When Lynda Rucker invited us to submit a story, I was thrilled; Lynda is one of the writers who first taught me what modern dark fiction is all about, so to be included in this amazing and beautiful anthology is a real honor. Very pleased to be in the same pages with so many wonderful writers like Matthew Bartlett, S.P Miskowsky, Adam Nevill, Robert Shearman, R.S. Knightly, Lisa Tuttle, Ralph Robert Moore, Tracey Fahey, Scott West, and Rosanne Rabinowitz. And it’s a special thrill to appear alongside Joyce Carol Oates, who’s done perhaps more than any other contemporary author to tear down the wall between horror and literary fiction.

Many thanks to Julia for your beautiful and powerful words, to Lynda for giving this strange story a wonderful home, to Tobia Makover for her lovely and haunting cover art, and to Brian Showers of Swan River Press for his support of the Uncertainties series, and all the beautiful books he helps bring into the world.


Joining the Black Static Case Notes Team, September 2018


Thrilled and honored to report that I’m joining the ‘Case Notes’ team at Black Static magazine. My series ‘One Good Story’ will be appearing as a regular column in Black Static’s ‘Case Notes’ starting with the September 2018 issue. Black Static, in its earlier incarnation as Third Alternative, was where I was first exposed to the world of slipstream and “new horror” writing. It’s a beautiful publication, inside and out, so to have the opportunity to add my voice to it is a real pleasure. I’ll be more or less sticking to the format I’ve used on my website––a  short-form hybrid of personal essay and story review––touching on both older and contemporary works. (The essays will continue to be posted on my website some months after they appear in the magazine.) I’m honored to be appearing alongside fellow Case Notes columnists (and favorite writers) Lynda Rucker and Ralph Robert Moore. Many thanks to editor Andy Cox for bringing me onto the team. See you in September!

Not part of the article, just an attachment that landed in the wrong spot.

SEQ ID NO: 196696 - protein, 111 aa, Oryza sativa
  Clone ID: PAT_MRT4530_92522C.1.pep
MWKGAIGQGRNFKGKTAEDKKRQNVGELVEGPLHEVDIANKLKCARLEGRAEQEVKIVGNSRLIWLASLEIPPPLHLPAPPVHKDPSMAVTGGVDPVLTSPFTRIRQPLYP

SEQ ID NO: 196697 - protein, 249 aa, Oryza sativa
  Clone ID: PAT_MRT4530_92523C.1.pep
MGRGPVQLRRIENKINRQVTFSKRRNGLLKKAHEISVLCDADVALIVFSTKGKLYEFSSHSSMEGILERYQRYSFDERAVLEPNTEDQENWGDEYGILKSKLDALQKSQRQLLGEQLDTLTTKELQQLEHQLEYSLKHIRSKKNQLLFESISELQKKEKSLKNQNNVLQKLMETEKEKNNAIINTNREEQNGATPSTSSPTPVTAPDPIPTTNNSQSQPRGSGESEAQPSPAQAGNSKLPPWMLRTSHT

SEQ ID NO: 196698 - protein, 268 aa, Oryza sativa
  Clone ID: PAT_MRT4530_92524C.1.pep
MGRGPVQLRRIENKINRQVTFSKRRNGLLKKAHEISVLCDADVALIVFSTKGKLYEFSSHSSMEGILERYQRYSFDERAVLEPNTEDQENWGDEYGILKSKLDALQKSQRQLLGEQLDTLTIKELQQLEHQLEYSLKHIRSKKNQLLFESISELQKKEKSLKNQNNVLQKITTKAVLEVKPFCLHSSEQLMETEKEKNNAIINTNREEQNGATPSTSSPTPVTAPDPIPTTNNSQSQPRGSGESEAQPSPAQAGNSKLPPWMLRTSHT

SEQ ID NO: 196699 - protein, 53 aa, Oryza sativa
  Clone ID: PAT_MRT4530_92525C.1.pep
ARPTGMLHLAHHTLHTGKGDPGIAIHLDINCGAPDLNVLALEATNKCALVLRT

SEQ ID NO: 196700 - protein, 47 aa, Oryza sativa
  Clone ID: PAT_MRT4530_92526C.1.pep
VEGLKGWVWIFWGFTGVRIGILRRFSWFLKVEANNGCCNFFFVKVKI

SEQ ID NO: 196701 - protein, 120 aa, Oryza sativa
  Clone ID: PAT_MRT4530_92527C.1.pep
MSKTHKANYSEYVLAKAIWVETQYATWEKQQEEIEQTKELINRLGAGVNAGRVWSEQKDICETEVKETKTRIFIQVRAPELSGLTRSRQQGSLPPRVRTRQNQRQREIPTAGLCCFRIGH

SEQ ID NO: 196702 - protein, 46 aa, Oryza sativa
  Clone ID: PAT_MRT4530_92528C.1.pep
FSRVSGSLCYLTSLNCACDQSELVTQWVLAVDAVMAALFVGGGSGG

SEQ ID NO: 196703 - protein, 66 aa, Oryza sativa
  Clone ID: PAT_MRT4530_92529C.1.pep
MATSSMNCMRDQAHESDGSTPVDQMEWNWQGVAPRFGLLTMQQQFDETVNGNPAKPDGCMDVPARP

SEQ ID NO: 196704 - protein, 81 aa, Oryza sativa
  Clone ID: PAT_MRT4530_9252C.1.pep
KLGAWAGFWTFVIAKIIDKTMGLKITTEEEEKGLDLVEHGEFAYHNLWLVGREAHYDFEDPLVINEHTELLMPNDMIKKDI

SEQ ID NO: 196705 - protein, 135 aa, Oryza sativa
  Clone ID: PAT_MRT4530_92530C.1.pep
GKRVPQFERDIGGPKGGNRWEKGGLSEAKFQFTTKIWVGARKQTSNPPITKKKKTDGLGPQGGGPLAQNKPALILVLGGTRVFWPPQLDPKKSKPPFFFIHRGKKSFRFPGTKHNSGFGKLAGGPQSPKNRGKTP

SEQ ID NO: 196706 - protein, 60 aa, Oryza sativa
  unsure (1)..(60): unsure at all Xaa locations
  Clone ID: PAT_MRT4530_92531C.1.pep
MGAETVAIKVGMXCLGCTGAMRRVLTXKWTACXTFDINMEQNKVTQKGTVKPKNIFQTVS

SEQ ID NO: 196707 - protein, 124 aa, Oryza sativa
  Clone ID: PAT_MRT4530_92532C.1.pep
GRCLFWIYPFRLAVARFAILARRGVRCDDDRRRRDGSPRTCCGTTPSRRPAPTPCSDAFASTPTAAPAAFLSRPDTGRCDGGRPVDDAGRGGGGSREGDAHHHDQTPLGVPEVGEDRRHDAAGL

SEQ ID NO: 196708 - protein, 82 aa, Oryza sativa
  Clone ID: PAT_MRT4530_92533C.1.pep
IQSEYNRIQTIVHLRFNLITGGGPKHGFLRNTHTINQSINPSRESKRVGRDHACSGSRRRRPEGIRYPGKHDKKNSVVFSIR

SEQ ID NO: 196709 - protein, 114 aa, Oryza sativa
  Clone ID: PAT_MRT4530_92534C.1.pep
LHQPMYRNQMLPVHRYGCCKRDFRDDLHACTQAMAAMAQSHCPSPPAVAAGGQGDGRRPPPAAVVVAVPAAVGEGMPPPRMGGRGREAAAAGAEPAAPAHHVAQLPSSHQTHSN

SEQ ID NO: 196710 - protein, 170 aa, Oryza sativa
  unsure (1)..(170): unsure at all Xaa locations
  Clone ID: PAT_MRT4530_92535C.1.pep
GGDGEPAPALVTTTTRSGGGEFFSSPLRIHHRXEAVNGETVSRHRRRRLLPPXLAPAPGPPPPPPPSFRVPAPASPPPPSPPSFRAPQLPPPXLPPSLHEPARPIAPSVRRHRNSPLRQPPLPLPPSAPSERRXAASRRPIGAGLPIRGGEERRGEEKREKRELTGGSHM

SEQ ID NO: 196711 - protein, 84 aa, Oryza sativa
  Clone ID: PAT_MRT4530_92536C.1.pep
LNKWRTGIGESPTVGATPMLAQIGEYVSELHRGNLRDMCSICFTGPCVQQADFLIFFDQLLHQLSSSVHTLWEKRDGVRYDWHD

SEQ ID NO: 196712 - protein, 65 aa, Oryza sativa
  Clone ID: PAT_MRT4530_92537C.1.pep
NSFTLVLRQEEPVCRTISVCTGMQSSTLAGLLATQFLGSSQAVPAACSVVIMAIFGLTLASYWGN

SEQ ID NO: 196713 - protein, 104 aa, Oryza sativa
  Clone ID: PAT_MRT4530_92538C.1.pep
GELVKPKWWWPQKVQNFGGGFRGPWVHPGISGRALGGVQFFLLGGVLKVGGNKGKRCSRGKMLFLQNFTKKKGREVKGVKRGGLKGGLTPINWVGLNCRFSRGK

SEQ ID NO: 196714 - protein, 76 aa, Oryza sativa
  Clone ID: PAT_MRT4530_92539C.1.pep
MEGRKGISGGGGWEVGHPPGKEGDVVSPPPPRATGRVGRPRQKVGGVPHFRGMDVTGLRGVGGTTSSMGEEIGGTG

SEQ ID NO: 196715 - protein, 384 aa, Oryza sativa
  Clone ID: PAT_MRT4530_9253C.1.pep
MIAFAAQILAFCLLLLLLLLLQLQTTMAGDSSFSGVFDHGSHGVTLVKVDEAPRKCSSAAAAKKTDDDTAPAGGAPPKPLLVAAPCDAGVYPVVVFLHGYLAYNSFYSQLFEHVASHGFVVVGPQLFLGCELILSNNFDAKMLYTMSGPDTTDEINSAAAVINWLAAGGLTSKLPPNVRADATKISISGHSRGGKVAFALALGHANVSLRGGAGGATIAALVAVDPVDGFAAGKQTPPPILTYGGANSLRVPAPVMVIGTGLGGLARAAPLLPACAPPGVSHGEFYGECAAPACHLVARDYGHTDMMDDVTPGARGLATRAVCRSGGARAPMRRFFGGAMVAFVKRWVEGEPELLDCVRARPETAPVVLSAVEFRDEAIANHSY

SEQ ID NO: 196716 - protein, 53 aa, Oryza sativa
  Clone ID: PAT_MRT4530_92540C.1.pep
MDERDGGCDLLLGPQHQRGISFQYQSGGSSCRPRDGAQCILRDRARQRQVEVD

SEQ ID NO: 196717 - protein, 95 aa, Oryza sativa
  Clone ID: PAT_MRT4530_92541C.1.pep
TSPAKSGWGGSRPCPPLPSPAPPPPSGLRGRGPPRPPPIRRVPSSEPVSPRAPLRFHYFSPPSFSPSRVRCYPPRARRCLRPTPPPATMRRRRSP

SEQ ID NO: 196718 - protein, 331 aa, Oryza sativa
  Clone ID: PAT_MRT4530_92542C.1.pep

Supernatural Tales 38, Summer 2018


Very pleased to announce that my story ‘Intruders’ is appearing in a special issue of Supernatural Tales, which will be released in print and on Kindle this July.

Supernatural Tales and its editor David Longhorn are giants of our genre (although David might object to that description). He’s been publishing and championing new writers working the boundaries between genre and literary fiction longer than anyone. This will be my third appearance in ST, and I’m as thrilled and grateful as the first time.

‘Intruders’ is a story I’m especially proud of. Although it acknowledges the reality of school shootings in America, its broader topic is the struggle to create a safe space for ourselves and our children, the bargains we make with the truth in order to protect the ones we care for, and how the truths we try to cover up will find ways to haunt us.

As always, David Longhorn has assembled a fine group of stories from a fine lineup of writers. Here is the TOC:

Supernatural Tales 38

Intruders’ by David Surface

‘Ghost Hunting’ by Jane Jakeman

‘St Magda’s Sunday Sermon’ by Katie McCal

‘Against the Dead’ by John Howard

‘Redriff’ by Michael Chislett

‘The Thirteenth Shelf’ by Stephen Cashmore

Supernatural Tales 38 is available here.

Nightscript III Reading at Lovecraft Bar


Last November, Julia and I had the great pleasure of participating in a panel discussion and reading at the Lovecraft Bar in NYC to celebrate the publication of Nightscript III. Joined by fellow Nightscript contributor Inna Effress, and hosted by Daniel Braum, it was a fantastic evening. Daniel is a wonderful host and a very nice man, as well as a fine writer. Julia Rust read her story ‘Young Bride’, I read ‘Something You Leave Behind’, and Inna (who flew in from LA) read her story ‘Liquid Air.’ We took questions from the audience, signed some copies, and had a wonderful time. Many, many thanks to all the good people who came out to join us, both old friends and new ones. And thanks to editor CM Muller for creating a good home for the stories we brought to life last night.